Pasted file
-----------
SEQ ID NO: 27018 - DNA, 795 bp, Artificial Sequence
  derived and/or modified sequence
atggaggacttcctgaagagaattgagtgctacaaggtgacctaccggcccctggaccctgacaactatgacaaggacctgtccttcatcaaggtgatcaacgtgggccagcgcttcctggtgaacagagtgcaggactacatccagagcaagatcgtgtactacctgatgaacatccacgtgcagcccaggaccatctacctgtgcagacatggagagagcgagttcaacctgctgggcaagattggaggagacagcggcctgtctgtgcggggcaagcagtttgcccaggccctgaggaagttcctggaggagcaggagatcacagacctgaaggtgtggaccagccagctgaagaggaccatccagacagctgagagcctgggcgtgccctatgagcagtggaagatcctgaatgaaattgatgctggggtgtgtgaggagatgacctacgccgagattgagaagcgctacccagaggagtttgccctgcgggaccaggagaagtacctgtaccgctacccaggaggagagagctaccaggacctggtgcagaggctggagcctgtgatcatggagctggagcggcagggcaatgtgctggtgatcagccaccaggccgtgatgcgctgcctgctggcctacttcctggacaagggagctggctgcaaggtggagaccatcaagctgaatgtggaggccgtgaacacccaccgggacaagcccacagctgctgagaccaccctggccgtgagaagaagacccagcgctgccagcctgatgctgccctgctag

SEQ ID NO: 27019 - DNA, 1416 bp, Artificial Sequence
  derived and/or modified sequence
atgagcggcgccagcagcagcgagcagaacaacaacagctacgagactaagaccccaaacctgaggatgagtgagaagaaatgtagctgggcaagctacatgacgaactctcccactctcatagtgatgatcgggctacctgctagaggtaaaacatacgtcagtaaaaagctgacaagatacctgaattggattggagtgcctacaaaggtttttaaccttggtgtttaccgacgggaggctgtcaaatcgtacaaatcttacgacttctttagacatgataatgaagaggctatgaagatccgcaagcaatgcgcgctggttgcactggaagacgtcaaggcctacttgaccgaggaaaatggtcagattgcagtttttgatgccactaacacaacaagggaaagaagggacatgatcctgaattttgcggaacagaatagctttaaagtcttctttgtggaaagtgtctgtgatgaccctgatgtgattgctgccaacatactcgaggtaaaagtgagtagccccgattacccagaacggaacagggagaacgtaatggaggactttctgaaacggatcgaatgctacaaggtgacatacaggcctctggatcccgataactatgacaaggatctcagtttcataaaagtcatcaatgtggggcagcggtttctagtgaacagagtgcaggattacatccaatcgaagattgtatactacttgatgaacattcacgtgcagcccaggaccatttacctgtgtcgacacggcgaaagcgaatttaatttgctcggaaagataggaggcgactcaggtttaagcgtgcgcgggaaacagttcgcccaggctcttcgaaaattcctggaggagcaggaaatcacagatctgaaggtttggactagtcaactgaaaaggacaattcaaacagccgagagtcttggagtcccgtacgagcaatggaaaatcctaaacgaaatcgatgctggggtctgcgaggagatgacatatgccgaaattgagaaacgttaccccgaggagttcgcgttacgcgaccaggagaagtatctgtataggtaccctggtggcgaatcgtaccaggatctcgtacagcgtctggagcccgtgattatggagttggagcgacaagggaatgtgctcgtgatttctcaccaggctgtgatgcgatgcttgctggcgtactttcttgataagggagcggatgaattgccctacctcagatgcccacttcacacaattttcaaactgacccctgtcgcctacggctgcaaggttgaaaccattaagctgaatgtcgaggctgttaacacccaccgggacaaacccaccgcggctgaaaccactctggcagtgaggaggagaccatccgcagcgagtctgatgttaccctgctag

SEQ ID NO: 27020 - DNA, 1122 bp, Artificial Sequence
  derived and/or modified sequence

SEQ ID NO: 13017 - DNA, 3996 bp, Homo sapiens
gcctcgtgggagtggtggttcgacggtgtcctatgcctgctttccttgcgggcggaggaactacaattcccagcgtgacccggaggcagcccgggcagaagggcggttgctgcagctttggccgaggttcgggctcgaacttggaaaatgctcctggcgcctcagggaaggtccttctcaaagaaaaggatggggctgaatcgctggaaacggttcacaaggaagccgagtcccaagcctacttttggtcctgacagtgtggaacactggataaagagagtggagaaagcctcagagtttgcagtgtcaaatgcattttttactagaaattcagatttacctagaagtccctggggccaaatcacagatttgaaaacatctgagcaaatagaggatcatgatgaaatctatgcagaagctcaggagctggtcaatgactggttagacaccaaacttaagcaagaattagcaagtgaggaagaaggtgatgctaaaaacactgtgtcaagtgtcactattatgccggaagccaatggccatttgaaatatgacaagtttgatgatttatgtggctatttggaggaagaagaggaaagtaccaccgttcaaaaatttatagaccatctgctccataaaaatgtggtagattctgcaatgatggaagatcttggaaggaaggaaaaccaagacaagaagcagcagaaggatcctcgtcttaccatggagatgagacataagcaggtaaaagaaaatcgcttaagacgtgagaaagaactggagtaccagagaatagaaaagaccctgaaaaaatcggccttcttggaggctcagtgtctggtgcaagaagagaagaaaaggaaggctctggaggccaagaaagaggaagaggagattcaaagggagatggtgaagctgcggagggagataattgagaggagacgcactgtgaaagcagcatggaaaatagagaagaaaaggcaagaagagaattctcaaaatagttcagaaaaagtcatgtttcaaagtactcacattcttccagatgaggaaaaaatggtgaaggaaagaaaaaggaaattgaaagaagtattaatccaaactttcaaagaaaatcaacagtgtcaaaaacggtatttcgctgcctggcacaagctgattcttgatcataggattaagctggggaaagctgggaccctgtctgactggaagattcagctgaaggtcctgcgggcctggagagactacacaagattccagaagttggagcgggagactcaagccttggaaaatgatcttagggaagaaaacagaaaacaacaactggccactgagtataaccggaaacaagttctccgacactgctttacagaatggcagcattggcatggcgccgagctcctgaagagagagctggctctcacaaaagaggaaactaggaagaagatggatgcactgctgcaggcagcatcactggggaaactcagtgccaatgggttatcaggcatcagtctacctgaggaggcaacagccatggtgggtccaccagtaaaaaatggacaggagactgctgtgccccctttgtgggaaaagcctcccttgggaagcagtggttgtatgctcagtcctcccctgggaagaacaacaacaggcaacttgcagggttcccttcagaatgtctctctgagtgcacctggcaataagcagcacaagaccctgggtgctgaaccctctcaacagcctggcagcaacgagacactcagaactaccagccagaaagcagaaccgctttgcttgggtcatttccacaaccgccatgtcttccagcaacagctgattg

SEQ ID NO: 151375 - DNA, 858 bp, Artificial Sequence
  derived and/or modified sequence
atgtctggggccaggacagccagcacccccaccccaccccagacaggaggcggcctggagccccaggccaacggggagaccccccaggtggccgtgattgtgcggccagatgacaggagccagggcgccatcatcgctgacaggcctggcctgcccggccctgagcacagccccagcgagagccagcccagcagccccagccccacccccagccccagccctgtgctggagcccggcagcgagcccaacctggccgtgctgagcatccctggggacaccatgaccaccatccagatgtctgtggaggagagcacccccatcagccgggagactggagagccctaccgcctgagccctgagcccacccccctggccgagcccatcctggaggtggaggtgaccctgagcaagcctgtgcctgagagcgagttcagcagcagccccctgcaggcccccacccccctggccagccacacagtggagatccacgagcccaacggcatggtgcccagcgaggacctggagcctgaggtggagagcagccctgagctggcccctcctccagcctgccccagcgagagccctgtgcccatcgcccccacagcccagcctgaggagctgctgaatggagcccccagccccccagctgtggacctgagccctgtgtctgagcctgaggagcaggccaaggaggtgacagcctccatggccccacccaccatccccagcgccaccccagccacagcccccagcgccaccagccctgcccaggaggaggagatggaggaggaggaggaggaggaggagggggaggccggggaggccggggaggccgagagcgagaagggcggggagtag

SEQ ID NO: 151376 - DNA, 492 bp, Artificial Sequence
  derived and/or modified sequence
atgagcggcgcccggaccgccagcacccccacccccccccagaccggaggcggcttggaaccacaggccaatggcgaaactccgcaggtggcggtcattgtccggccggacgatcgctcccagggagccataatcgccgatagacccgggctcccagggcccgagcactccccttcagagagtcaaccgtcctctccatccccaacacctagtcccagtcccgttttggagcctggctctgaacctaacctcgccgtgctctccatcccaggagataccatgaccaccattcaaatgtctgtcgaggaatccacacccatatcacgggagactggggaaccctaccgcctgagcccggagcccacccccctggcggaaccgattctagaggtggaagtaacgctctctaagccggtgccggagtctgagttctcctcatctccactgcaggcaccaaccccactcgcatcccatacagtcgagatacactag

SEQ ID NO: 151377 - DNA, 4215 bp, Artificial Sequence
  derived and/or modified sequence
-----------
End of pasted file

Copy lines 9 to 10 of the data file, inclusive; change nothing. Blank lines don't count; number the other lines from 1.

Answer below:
SEQ ID NO: 13017 - DNA, 3996 bp, Homo sapiens
gcctcgtgggagtggtggttcgacggtgtcctatgcctgctttccttgcgggcggaggaactacaattcccagcgtgacccggaggcagcccgggcagaagggcggttgctgcagctttggccgaggttcgggctcgaacttggaaaatgctcctggcgcctcagggaaggtccttctcaaagaaaaggatggggctgaatcgctggaaacggttcacaaggaagccgagtcccaagcctacttttggtcctgacagtgtggaacactggataaagagagtggagaaagcctcagagtttgcagtgtcaaatgcattttttactagaaattcagatttacctagaagtccctggggccaaatcacagatttgaaaacatctgagcaaatagaggatcatgatgaaatctatgcagaagctcaggagctggtcaatgactggttagacaccaaacttaagcaagaattagcaagtgaggaagaaggtgatgctaaaaacactgtgtcaagtgtcactattatgccggaagccaatggccatttgaaatatgacaagtttgatgatttatgtggctatttggaggaagaagaggaaagtaccaccgttcaaaaatttatagaccatctgctccataaaaatgtggtagattctgcaatgatggaagatcttggaaggaaggaaaaccaagacaagaagcagcagaaggatcctcgtcttaccatggagatgagacataagcaggtaaaagaaaatcgcttaagacgtgagaaagaactggagtaccagagaatagaaaagaccctgaaaaaatcggccttcttggaggctcagtgtctggtgcaagaagagaagaaaaggaaggctctggaggccaagaaagaggaagaggagattcaaagggagatggtgaagctgcggagggagataattgagaggagacgcactgtgaaagcagcatggaaaatagagaagaaaaggcaagaagagaattctcaaaatagttcagaaaaagtcatgtttcaaagtactcacattcttccagatgaggaaaaaatggtgaaggaaagaaaaaggaaattgaaagaagtattaatccaaactttcaaagaaaatcaacagtgtcaaaaacggtatttcgctgcctggcacaagctgattcttgatcataggattaagctggggaaagctgggaccctgtctgactggaagattcagctgaaggtcctgcgggcctggagagactacacaagattccagaagttggagcgggagactcaagccttggaaaatgatcttagggaagaaaacagaaaacaacaactggccactgagtataaccggaaacaagttctccgacactgctttacagaatggcagcattggcatggcgccgagctcctgaagagagagctggctctcacaaaagaggaaactaggaagaagatggatgcactgctgcaggcagcatcactggggaaactcagtgccaatgggttatcaggcatcagtctacctgaggaggcaacagccatggtgggtccaccagtaaaaaatggacaggagactgctgtgccccctttgtgggaaaagcctcccttgggaagcagtggttgtatgctcagtcctcccctgggaagaacaacaacaggcaacttgcagggttcccttcagaatgtctctctgagtgcacctggcaataagcagcacaagaccctgggtgctgaaccctctcaacagcctggcagcaacgagacactcagaactaccagccagaaagcagaaccgctttgcttgggtcatttccacaaccgccatgtcttccagcaacagctgattg